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CDOT releases final environmental study on I-70 improvements

Caddie Nath
Summit Daily News
Aspen, CO Colorado
CDOTMap of the I-70 mountain corridor.
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DENVER – The Colorado Department of Transportation released a final environmental study Friday, evaluating possible alternatives for long-term improvements to the Interstate-70 mountain corridor including the $16 billion to $20 billion “preferred alternative” presented in September.

The final Programmatic Environmental Impact Statement (PEIS), which does not include any big deviations from draft PEIS released in September, is an analysis of 21 distinct proposals for improvements to the corridor as well as a no-action alternative and their potential environmental effects.

“There are no major changes from the draft document with what the vision for Interstate 70 is,” CDOT spokesman Bob Wilson said. “It was all more clarification (in the final PEIS).”



The 527-page study will be reviewed by CDOT and the Federal Highway Administration and followed by a record of decision, selecting one or a combination of multiple alternatives evaluated in the PEIS.

The record of decision will likely be released in late May or early June, Wilson said.




Among the improvement options evaluated in the PEIS is a proposal dubbed the preferred alternative, an option calling for extensive long-term improvements and projects in the corridor, including a high-speed rail providing service between Denver and the corridor.

The preferred alternative combines three separate components to improve traffic on I-70: The high-speed rail, known as an Advanced Guideway System, highway improvements, including widening the highway to six lanes between Floyd Hill and the Twin Tunnels and auxiliary lanes approaching the Eisenhower Tunnel from both directions and non-infrastructure strategies such as programs for commercial truck travel and bus or shuttle service.

All but one of the action-based alternatives examined in the PEIS would require new bores through the Twin and Eisenhower tunnels, according to study documents.

The preferred alternative is among the most expensive of the 21 options evaluated in the study, which ranged from just under $2 billion (a minimal-action alternative) to more than $20 billion (proposals involving a high-speed rail).

There is not enough funding to implement the preferred alternative, though the department recommends a corridor improvement project be given high priority in the state to attract funding. The study lists tolling and public-private partnerships among possible funding sources for the proposed alternatives.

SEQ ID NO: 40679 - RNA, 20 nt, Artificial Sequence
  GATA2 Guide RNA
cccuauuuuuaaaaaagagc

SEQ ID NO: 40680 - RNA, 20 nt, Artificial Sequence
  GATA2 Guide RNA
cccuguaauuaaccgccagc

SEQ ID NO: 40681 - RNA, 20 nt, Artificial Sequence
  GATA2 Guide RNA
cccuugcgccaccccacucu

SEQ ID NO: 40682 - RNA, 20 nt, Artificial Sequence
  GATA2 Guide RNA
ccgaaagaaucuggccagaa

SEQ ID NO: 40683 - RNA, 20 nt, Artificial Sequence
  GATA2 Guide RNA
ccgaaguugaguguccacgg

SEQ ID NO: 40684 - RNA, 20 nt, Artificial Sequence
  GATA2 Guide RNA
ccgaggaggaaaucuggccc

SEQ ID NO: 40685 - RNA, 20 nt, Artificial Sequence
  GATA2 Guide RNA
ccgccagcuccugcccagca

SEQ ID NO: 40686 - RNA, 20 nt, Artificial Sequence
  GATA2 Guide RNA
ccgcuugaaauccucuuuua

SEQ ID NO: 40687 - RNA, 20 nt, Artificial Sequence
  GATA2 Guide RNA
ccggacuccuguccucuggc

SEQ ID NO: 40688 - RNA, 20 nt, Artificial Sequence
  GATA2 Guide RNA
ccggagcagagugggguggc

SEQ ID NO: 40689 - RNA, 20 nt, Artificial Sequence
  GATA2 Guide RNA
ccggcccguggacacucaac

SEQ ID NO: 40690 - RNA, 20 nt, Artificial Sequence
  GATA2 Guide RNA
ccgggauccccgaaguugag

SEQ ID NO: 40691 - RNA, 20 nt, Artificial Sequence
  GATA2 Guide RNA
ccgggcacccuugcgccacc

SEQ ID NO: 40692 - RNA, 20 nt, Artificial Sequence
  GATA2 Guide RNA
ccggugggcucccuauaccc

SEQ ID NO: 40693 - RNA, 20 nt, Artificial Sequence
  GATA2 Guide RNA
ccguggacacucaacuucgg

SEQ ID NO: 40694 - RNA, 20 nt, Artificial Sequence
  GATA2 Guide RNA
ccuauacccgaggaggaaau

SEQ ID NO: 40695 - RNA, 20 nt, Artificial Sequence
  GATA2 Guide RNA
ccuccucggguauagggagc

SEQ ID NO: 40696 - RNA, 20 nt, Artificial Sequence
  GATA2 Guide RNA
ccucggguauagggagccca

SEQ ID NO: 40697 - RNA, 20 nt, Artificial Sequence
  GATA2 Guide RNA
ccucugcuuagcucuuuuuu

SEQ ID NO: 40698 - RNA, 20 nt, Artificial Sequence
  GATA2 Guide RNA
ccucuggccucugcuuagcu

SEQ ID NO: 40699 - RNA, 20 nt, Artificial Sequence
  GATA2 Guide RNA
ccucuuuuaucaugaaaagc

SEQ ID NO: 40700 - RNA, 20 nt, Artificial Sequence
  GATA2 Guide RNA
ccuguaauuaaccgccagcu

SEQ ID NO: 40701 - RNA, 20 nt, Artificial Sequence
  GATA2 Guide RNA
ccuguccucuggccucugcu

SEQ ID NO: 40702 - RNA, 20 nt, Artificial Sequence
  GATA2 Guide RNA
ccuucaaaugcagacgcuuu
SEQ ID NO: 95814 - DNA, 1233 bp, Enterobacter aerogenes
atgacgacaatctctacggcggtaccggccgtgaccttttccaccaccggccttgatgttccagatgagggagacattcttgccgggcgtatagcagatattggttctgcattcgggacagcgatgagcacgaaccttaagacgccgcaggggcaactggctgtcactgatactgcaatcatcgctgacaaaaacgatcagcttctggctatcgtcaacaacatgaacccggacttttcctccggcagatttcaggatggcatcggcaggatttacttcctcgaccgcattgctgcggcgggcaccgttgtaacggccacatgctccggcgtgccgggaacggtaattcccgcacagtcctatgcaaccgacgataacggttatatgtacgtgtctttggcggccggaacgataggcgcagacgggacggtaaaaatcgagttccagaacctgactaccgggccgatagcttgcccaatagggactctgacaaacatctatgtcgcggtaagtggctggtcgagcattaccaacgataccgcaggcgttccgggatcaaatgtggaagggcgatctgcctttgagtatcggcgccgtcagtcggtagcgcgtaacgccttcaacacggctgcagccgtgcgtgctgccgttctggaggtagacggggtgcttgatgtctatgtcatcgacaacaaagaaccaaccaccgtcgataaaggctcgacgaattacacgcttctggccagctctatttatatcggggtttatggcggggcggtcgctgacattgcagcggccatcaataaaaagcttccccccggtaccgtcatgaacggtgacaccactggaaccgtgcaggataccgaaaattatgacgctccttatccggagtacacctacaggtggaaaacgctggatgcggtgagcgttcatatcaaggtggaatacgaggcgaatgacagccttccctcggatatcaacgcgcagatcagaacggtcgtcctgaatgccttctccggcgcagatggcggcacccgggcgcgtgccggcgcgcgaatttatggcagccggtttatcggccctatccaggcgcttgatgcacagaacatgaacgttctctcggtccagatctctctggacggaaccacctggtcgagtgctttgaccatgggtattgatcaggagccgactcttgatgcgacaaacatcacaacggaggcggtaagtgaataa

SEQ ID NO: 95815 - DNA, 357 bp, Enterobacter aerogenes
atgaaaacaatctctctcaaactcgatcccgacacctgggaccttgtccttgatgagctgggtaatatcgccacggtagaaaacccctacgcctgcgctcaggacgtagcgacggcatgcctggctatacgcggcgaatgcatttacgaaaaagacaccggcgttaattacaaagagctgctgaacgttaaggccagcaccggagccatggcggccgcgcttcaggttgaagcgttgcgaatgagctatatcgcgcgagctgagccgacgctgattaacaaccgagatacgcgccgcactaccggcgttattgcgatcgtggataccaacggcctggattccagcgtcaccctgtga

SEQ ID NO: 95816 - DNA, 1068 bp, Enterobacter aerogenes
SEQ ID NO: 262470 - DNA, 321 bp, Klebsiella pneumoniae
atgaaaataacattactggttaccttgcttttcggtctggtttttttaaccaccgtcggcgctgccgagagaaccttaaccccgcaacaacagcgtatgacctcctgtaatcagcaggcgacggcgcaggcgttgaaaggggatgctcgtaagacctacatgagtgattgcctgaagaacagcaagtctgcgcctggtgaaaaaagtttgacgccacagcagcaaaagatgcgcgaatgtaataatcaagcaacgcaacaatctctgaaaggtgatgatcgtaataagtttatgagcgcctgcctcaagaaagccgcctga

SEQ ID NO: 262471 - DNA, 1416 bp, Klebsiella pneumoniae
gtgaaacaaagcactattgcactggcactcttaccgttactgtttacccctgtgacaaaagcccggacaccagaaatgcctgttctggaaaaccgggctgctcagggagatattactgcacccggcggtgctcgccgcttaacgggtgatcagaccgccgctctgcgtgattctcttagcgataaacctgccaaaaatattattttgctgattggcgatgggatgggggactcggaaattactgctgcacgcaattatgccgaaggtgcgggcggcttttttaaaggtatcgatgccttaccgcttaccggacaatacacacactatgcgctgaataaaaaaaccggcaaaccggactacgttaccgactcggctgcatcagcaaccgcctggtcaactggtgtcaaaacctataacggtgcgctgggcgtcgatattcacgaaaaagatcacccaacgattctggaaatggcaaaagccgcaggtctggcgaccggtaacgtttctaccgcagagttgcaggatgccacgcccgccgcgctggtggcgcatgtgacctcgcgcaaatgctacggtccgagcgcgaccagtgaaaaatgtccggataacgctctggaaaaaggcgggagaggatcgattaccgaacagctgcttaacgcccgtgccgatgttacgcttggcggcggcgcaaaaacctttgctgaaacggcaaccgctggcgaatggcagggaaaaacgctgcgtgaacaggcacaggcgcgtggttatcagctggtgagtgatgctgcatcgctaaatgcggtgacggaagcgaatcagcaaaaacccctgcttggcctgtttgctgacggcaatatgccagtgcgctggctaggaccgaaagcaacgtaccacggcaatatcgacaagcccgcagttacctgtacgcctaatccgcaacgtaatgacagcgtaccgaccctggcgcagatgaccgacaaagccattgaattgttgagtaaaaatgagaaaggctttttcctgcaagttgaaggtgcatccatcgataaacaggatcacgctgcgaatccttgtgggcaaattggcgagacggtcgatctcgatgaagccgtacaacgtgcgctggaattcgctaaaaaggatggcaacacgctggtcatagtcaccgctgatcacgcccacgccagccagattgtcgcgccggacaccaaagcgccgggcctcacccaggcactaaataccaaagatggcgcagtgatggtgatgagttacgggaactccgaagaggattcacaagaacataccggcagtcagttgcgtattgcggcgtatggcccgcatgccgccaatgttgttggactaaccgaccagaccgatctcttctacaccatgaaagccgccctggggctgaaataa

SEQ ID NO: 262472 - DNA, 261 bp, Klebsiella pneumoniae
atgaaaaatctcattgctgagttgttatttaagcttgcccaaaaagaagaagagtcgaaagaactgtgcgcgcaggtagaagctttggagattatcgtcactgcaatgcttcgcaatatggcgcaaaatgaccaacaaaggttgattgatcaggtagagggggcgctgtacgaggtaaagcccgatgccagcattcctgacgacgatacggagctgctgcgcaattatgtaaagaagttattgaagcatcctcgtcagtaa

Alternatives for the mountain corridor and the PEIS stemmed from a significant increase in traffic on the already-congested Interstate expected over the next two decades.

By 2035, traffic volumes are expected to triple weekend travel time from 2000, while weekday travel time would be more than double what it was in 2000 without improvements, according to data included in the study.

The PEIS was compiled and the preferred alternative formulated with input from stakeholders, individuals and local governments along the corridor. Organizations like the I-70 Coalition also participated in the long study process.

“The I-70 Coalition is excited to see this PEIS process reach a conclusion,” coalition chairperson Michael Penny said in an e-mail. “We are especially grateful to the previous CDOT Director Russell George for pulling together the Collaborative Effort that allowed us to reach consensus on the future direction of the I-70 improvements. It was an open and inclusive process that allowed all stakeholders along the corridor to participate.”

Recommendations from the Collaborative Effort, a 27-member group of corridor representatives, is reflected in the final PEIS, according to a CDOT statement.

The PEIS also includes a nearly 700-page appendix responding to hundreds of comments from organizations, local governments and individuals submitted during a public comment period that followed the release of the draft PEIS.

The final PEIS will be available for review at 26 CDOT locations and online at http://www.i70mtncorridor.com until April 11. During the review period CDOT and federal highway representatives are available to present information on the study to small groups. Contact Wendy Wallach, CDOT’s environmental manager for the mountain corridor at (303) 757-9008 or by e-mail at wendy.wallach@dot.state.co.us.


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